As the Form One admission window came to a close yesterday, some students were still at home with no hope of joining secondary school.
Education Cabinet Secretary George Magohasays 20 per cent of the students had not reported for Form One admission. While updating the country on the status of the 100 per cent transition, Prof Magoha said they had achieved a 80 per cent rate, with the number expected to rise.
“Although these are commendable admission levels, it is projected that we could still have about 150,000 candidates who may not beat the deadline for reporting. These will include candidates of private schools and those who reported to schools they have not been selected for,” he said.
He said some of the reasons why students have not reported to Form One include the decision by some students to repeat Standard Eight, learners joining technical and vocational training institutions and early pregnancies.
The CS said from today, the government will start a countrywide mop up exercise to trace all candidates yet to report to school.
“I have consulted with the Ministry of Interior and the Teachers Service Commission and resolved to jointly engage in this campaign. Candidates at the sub-county level should report to the day school near them,” he said.
Even with these recommendations, headteachers have questioned the practicality of the exercise, saying the ministry has been telling parents to take their children to school, yet there is no communication on who will take care of their needs once they get to school.
“Parents bring children and say that they have been told by the ministry that no child will be turned away. The ministry has not communicated to us who will pay for their needs, such as food, when they are in school,” said the principal of a school in Meru.
Other than school fees, the parents are supposed to buy personal effects, school uniforms that cost up to Sh20,000, bedding for those going to boarding schools and textbooks.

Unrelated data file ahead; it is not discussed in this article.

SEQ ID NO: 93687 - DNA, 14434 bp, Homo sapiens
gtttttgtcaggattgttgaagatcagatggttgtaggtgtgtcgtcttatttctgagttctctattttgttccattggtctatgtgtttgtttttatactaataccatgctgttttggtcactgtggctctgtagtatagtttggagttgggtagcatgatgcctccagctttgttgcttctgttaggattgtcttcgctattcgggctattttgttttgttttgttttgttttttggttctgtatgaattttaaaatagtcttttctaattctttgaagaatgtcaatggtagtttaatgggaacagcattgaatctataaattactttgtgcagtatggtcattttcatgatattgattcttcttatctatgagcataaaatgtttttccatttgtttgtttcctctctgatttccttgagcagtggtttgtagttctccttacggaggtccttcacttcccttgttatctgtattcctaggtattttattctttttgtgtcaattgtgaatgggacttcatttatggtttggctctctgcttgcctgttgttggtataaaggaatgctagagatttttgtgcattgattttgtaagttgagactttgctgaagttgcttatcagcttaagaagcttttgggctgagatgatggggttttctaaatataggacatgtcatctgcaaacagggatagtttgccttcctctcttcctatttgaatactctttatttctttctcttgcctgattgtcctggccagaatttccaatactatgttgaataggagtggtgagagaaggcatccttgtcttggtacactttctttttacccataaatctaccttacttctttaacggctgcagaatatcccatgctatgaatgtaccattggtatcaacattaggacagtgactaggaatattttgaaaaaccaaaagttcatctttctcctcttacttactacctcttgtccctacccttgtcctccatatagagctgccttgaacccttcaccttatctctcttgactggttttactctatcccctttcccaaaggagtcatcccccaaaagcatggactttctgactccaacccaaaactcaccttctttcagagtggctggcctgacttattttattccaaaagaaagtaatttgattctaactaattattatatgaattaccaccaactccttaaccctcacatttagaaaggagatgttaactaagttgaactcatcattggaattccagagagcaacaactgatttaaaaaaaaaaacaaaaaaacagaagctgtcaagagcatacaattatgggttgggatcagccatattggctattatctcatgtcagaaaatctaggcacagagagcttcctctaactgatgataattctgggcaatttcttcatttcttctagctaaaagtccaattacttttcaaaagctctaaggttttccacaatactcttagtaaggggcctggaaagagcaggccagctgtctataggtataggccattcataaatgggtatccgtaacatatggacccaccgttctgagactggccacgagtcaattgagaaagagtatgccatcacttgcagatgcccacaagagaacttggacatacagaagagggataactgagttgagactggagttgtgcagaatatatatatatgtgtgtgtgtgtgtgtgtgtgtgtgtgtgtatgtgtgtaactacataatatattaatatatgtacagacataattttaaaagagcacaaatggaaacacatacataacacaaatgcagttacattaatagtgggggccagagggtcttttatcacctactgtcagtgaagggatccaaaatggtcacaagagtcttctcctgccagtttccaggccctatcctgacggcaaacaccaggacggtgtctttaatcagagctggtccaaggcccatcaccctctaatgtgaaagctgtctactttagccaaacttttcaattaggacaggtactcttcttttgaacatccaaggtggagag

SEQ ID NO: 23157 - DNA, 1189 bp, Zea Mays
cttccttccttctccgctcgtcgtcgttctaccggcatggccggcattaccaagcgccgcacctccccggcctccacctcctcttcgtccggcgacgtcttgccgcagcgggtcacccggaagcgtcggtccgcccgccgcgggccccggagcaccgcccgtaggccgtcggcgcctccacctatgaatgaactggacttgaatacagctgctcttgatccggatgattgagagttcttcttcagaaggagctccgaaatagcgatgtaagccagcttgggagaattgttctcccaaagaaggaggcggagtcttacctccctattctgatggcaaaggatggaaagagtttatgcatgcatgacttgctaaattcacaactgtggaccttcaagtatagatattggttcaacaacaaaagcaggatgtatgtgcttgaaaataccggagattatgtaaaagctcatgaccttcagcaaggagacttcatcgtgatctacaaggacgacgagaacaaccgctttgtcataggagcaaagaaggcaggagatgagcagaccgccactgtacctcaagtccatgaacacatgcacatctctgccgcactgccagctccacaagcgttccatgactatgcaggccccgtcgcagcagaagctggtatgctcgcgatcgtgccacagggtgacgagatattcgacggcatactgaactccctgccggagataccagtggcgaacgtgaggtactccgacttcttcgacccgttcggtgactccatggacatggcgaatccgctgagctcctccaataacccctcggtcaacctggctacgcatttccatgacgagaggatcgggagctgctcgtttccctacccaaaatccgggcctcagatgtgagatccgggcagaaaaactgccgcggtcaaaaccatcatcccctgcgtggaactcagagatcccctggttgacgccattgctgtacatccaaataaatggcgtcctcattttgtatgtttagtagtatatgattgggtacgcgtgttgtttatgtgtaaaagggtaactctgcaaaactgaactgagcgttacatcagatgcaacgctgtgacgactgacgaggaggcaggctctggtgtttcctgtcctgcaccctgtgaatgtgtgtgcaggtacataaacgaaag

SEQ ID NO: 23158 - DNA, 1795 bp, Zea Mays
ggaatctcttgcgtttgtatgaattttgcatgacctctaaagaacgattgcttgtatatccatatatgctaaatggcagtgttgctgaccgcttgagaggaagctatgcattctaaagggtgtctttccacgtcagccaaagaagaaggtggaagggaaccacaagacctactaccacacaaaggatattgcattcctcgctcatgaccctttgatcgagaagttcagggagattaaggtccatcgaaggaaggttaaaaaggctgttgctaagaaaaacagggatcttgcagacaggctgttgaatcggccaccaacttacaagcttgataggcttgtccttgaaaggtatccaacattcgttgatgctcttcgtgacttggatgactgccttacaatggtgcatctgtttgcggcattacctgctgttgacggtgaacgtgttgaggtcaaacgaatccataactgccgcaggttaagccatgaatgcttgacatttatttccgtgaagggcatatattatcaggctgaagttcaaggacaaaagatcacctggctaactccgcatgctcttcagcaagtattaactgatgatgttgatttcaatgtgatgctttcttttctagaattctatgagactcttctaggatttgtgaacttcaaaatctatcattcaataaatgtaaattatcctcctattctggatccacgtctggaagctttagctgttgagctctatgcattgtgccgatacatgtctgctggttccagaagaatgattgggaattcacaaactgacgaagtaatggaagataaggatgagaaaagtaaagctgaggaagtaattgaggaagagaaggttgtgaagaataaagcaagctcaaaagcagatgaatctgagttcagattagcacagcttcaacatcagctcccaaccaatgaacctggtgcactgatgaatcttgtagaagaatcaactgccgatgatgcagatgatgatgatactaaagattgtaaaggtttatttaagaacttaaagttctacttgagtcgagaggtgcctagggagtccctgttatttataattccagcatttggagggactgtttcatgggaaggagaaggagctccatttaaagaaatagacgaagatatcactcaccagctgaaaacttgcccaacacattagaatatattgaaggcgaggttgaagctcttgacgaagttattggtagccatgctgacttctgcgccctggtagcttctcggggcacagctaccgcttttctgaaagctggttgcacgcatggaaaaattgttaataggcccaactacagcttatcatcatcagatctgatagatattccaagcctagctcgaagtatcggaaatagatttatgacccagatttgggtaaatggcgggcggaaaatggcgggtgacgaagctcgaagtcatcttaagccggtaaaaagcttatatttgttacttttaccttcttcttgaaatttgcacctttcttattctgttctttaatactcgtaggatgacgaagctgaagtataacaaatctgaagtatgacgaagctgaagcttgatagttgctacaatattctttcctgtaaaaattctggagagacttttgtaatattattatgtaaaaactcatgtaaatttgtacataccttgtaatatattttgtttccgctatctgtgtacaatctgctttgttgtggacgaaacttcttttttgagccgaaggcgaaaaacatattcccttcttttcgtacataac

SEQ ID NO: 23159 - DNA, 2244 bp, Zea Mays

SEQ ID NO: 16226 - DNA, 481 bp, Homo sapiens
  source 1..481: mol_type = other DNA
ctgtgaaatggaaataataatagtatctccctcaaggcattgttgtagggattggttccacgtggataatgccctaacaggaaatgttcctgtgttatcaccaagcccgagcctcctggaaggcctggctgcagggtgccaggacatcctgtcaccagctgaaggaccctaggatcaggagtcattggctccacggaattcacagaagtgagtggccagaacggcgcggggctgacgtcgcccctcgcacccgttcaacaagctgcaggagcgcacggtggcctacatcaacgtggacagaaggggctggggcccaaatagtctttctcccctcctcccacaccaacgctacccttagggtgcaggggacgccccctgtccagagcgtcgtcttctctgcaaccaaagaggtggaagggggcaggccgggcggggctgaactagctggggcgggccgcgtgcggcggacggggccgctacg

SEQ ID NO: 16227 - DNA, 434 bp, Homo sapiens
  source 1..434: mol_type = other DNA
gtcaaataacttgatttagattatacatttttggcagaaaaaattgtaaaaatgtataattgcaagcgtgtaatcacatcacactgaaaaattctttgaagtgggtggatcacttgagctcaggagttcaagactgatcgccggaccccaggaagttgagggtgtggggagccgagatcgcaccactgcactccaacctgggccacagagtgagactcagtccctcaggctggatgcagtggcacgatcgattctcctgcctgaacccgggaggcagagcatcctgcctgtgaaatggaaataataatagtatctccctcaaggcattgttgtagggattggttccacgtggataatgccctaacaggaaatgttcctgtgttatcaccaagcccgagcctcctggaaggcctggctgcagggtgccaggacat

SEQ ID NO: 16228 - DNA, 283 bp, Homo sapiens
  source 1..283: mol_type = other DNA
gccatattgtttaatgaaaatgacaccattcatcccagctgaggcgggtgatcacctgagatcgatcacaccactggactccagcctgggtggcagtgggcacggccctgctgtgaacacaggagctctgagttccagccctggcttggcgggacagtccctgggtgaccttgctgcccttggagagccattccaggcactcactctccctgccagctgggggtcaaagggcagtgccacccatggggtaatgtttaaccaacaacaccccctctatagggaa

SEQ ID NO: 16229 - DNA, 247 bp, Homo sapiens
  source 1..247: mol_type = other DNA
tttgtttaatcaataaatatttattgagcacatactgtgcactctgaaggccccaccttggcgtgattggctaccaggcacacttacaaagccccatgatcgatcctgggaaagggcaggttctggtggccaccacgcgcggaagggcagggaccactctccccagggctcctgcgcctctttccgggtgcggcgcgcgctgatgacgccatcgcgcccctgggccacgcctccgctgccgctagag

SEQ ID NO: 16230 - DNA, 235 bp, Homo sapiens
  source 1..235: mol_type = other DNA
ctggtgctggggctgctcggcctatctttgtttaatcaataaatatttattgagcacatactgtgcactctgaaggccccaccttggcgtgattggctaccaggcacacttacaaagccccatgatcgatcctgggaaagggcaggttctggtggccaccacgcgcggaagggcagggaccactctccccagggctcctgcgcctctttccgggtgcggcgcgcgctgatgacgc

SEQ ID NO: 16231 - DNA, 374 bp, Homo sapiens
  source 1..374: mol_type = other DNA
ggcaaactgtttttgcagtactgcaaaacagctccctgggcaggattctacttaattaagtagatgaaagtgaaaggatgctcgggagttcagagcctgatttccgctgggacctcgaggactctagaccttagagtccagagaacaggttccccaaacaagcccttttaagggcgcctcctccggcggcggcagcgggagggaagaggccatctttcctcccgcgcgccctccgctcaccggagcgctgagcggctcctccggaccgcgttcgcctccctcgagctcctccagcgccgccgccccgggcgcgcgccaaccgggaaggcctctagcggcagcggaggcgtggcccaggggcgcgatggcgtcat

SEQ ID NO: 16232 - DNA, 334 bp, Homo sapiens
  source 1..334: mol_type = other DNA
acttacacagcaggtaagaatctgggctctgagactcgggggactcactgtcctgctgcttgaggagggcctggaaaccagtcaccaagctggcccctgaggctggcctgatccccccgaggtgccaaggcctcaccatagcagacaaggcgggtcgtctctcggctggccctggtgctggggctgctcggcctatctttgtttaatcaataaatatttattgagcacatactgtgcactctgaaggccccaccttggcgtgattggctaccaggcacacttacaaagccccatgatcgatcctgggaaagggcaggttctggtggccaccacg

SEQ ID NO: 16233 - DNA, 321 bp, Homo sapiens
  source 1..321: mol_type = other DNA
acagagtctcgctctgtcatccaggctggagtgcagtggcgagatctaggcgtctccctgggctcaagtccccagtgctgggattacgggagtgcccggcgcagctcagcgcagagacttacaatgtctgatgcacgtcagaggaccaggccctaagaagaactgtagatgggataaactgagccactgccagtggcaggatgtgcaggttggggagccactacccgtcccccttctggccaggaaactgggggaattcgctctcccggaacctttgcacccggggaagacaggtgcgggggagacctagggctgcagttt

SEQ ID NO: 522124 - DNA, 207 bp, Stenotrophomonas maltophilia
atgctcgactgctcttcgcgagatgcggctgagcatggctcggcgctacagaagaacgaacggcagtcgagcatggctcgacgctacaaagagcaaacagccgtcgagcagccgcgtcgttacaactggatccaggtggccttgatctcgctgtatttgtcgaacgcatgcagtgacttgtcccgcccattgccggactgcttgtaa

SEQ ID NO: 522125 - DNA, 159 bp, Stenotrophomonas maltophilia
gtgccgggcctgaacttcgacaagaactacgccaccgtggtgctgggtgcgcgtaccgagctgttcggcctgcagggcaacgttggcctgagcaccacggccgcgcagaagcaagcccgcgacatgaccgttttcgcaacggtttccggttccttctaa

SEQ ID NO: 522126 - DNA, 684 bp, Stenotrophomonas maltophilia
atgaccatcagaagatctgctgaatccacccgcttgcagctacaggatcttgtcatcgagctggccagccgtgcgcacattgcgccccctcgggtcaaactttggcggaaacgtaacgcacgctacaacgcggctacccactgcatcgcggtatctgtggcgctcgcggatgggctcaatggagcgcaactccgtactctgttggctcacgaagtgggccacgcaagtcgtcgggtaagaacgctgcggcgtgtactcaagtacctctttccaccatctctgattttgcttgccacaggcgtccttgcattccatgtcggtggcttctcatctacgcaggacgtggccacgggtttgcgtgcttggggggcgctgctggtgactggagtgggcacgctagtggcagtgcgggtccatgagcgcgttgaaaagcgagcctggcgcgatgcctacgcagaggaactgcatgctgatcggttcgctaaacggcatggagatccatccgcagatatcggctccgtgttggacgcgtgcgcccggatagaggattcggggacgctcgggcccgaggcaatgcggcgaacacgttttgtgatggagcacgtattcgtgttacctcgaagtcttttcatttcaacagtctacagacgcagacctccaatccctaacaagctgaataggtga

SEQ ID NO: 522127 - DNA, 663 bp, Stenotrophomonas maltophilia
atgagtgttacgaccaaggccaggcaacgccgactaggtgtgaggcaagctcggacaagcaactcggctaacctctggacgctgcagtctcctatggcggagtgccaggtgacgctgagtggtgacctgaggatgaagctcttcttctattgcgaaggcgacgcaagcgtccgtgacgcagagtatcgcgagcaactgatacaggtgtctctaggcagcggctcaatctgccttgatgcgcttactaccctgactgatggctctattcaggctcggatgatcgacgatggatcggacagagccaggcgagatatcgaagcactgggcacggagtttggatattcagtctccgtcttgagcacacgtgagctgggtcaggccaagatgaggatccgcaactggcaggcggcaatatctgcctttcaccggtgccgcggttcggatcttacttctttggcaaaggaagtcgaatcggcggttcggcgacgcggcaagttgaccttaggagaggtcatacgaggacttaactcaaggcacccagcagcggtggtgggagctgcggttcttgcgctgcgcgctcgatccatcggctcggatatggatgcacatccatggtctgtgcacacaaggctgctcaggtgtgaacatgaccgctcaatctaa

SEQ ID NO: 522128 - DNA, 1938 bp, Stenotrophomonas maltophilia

Caroline Ayuma, a parent, said when she got a calling letter admitting her daughter to Keveye Girls High School in Vihiga, it was a bittersweet moment. She was excited at the possibility of her girl Hope Vunzi breaking the cycle of poverty that her family has been entangled in for years.
There was also the lingering sorrow that came with the reality that Hope might not join secondary school because they could barely raise enough money for food. “You look at the shopping list and the things you are supposed to buy, and the amount comes to almost Sh100,000. It shows you that secondary school is for the rich,” said Ayuma.
She said she had to sell some of her household items and borrow money but she still could not raise all the money needed.
“Anyone who has taken a child to Form One knows that you need more than Sh50,000. The government says every child has to join but without money, no school can take you in,” she said.
Ayuma’s sentiments were shared by many people both online and off the Internet who questioned the practicability of 100 per cent transition to secondary school that the Ministry of Education has been pushing for.
“They say secondary school is free, yet they know that no school will take a child without school fees,” says Sylvanus Oyier, who claimed that his son was denied entry at a school he had been called to.
Social media was awash with images of stranded students who had been locked out for lack of school fees or part of the Form One admission requirements.
News stories on children reaching out for help showed a fraction of the many more whose dreams will never take off due to financial constraints.
According to the statistics by the ministry, Murang’a County is leading in the number of students who have reported. Tana River has the lowest percentage, with less than half the number of students expected to report getting admitted.